Back to the Future

Michael J. Fox is going back in time.

Michael J. Fox is going back in time.

(1985) Science Fiction (Universal) Michael J. Fox, Christopher Lloyd, Lea Thompson, Crispin Glover, Thomas F. Wilson, Claudia Wells, Marc McClure, Wendie Jo Sperber, George diCenzo, Frances Lee McCain, James Tolkan, Jeffrey Jay Cohen, Casey Siemaszko, Billy Zane, Harry Waters Jr., Donald Fulilove, Lisa Freeman, Courtney Gains, Jason Hervey, Maia Brewton. Directed by Robert Zemeckis

Most people my age and slightly younger have a real soft spot for Back to the Future. One of the biggest box office successes of 1985, the movie has become a treasured icon of its age, a movie very much associated with the decade despite its time-travelling motif. Younger generations are well-versed with the film mostly from frequent cable and broadcast TV appearances as well as from their parents VHS and DVD collections. Either way, there are few movies of the last 30 years that have resonated the way this one did.

Marty McFly (Fox) is a frustrated high school senior. He lives in a kind of middle class hell, his mom Lorraine (Thompson) a somewhat prudish, somewhat bitter woman who knows the best days of her life are behind her. His father George (Glover) is a picked-on milquetoast who allows his boss, Biff Tannen (Wilson) to abuse him mercilessly, taking credit for work that George does. Marty yearns for something better, whether it be through rock and roll or through his girlfriend Jennifer (Wells). Even the town he lives in, Hill Valley, is in a state of decrepitude; its clock tower that was once the crown jewel of the town square hasn’t worked for decades since a chance lightning strike left it inoperable.

He is also friends with Dr. Emmett “Doc” Brown (Lloyd), considered to be a crackpot by most (and it’s kind of understandable) but he’s been doing some research into time travel and thinks he’s found a way to make it work. Through a series of accidents, Marty gets into the time machine (which is in, appropriately enough, a Delorean) and is sent back to the year 1955. Through a further series of mishaps, Marty manages to prevent his parents from meeting and instead takes his father’s place convalescing in the home of his mom, who instead of falling in love with his dad falls in love with Marty himself.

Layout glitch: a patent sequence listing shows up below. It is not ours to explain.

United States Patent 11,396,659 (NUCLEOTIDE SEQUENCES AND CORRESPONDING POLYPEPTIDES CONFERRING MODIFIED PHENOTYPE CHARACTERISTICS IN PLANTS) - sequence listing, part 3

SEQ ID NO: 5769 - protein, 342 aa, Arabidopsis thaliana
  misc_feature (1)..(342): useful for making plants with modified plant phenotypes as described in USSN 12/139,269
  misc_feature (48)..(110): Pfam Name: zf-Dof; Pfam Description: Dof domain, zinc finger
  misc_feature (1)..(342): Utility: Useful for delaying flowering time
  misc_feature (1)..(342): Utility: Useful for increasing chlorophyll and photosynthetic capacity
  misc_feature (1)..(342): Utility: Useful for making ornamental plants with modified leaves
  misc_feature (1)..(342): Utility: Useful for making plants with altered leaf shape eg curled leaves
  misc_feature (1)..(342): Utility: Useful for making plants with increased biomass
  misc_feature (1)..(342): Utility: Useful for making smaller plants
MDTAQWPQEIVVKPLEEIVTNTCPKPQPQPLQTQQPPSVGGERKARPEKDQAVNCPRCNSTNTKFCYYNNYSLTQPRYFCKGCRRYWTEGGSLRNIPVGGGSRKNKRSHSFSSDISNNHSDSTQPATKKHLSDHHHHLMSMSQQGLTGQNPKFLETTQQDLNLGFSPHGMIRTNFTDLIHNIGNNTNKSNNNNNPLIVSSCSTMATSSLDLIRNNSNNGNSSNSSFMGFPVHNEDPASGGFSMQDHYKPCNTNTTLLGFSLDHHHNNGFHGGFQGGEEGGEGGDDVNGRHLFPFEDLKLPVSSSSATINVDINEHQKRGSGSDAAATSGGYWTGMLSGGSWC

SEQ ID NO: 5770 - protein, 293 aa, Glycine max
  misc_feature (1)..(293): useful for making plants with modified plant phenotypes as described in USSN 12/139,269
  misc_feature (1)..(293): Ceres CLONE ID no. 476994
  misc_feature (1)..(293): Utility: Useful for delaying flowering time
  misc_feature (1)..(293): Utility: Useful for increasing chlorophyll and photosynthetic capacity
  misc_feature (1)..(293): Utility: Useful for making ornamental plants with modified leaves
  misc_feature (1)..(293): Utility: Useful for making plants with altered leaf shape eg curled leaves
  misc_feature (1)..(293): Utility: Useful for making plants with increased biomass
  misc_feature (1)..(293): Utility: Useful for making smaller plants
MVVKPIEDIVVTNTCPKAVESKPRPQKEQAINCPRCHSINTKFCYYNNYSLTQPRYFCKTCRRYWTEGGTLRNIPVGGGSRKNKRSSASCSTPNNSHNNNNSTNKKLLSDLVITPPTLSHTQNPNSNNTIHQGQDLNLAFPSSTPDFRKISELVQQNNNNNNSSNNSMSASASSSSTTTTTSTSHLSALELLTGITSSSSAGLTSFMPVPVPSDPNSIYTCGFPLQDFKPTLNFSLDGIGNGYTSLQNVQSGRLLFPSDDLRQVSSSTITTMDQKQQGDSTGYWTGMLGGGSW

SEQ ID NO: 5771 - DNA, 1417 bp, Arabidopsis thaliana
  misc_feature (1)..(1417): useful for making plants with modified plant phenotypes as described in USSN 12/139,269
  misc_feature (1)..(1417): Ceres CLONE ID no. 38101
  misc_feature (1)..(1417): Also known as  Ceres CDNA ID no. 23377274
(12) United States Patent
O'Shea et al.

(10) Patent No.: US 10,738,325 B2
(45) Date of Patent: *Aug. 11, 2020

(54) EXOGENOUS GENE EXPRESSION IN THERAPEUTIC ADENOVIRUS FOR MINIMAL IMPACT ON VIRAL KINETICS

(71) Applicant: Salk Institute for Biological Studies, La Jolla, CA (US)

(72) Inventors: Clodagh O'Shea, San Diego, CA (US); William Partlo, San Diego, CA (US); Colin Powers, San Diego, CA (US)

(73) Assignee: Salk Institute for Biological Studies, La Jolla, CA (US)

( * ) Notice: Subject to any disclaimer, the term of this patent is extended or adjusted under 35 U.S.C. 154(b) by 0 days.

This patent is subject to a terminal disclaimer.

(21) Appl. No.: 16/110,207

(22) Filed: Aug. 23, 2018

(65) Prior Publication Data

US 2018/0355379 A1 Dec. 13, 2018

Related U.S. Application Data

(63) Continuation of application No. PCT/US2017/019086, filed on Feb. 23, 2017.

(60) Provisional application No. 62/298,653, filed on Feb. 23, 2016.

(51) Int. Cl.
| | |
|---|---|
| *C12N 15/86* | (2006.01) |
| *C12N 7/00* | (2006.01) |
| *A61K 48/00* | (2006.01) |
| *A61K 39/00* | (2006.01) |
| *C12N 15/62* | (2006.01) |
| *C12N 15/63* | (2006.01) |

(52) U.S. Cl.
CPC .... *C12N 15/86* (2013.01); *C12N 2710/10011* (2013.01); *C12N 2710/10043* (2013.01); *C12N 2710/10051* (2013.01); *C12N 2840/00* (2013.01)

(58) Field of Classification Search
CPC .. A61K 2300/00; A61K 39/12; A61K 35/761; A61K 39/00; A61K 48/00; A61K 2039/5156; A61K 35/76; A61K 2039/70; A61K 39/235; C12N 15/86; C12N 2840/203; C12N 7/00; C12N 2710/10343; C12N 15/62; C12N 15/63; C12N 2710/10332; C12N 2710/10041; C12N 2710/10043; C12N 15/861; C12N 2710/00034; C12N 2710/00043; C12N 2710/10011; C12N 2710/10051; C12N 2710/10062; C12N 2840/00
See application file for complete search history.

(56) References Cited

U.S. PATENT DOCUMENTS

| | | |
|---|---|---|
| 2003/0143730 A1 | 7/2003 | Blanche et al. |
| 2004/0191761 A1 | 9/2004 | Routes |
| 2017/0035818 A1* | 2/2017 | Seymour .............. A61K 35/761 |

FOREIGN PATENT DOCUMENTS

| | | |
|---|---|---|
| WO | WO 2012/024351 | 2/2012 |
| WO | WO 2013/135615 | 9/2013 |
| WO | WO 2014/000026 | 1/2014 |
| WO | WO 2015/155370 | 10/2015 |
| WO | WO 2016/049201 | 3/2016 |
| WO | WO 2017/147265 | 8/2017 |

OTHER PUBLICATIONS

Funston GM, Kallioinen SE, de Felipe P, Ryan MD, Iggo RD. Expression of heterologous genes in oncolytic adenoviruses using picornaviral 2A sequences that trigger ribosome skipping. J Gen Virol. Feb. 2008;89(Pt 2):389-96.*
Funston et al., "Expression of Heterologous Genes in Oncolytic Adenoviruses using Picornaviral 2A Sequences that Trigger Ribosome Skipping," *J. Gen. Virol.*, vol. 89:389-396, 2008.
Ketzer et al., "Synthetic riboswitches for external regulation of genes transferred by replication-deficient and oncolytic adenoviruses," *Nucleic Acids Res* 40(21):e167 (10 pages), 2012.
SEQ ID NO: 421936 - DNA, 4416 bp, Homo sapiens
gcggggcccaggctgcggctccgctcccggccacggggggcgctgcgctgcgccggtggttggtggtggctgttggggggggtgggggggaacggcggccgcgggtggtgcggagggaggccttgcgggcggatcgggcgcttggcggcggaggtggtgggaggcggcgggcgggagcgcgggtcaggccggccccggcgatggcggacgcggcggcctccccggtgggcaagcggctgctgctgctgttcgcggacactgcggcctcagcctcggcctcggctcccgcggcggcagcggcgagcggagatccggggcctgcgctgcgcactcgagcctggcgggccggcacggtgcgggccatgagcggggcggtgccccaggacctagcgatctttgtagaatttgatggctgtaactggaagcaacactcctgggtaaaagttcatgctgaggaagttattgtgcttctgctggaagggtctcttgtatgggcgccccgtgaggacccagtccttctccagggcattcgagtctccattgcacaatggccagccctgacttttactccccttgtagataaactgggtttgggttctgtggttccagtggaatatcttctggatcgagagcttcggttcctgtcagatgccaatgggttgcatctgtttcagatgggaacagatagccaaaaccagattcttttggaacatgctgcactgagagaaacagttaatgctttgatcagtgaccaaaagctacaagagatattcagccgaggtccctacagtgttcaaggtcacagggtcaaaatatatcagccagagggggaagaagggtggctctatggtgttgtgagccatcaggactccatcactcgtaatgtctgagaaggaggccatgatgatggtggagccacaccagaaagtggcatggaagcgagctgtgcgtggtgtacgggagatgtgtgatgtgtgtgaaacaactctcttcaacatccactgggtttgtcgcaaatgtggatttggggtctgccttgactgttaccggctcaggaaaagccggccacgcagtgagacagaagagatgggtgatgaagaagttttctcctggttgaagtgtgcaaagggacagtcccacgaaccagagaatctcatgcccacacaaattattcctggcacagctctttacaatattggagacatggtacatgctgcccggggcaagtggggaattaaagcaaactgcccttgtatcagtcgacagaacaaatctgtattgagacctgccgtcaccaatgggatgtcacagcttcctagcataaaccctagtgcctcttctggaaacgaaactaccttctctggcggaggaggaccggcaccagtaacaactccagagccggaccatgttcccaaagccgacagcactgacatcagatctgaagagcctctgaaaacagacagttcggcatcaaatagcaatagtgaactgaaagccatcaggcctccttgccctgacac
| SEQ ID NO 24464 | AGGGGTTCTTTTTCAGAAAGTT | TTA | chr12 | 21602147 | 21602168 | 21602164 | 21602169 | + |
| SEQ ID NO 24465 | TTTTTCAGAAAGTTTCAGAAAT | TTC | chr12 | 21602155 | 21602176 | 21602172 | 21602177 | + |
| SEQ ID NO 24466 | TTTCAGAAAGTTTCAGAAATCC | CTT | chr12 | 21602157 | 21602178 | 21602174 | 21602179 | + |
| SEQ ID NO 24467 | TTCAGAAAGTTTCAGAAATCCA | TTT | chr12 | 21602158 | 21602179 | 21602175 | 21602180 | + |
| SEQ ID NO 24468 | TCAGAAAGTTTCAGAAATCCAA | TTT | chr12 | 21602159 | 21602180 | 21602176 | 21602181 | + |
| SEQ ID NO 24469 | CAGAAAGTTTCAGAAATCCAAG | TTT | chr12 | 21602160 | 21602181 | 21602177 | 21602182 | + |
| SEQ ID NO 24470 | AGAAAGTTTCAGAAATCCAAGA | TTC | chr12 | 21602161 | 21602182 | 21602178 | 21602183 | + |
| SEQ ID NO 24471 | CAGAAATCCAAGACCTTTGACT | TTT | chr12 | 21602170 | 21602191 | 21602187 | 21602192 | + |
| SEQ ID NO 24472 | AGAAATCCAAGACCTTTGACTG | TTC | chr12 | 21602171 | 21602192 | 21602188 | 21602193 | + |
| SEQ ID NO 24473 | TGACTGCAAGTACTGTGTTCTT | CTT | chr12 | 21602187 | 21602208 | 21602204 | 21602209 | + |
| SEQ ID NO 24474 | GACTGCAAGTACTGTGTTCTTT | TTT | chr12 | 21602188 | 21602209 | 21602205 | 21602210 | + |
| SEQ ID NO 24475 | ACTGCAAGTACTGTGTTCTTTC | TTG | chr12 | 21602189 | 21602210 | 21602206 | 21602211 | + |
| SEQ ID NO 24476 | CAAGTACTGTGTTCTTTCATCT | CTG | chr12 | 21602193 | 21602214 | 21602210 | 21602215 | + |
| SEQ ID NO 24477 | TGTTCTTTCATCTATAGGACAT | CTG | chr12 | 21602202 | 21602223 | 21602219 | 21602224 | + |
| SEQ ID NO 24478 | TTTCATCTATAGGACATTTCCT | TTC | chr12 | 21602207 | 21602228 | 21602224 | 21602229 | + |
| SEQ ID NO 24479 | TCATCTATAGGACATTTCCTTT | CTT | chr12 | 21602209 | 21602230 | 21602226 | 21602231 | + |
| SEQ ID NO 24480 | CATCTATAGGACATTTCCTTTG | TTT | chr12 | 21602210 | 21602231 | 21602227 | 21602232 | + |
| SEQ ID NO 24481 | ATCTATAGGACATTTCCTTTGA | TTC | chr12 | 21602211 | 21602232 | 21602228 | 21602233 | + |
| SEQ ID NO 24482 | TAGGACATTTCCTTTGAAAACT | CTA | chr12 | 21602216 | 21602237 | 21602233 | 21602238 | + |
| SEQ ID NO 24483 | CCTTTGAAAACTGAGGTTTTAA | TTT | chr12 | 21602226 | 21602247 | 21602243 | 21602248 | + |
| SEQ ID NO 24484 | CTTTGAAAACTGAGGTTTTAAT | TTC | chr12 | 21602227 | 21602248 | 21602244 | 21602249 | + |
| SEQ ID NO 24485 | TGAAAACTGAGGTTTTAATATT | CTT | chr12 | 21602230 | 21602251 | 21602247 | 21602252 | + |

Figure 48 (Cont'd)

Without plutonium for the reaction, Marty is stuck in 1955 but he may not be for long – if he can’t get his parents to meet and kiss on the dance floor of the Enchantment Under the Sea dance, he’ll never have been born. And even if he does get them together, how is he going to get back home to 1985?

Zemeckis and Gale were at the top of their game here and for Fox it is the role that he is most associated with, maybe even more so than Alex Keaton from Family Ties. The movie was kind of a perfect storm of elements coming together in just the right way. It was a movie that fit the time, but it was also much more than just a sci-fi adventure flick with lots of thrills and great characters, although it is that as well. The movie was supposedly inspired by writer/producer Bob Gale finding one of his father’s high school yearbooks and wondering if he had known his dad back then would they have hung out together, an intriguing concept.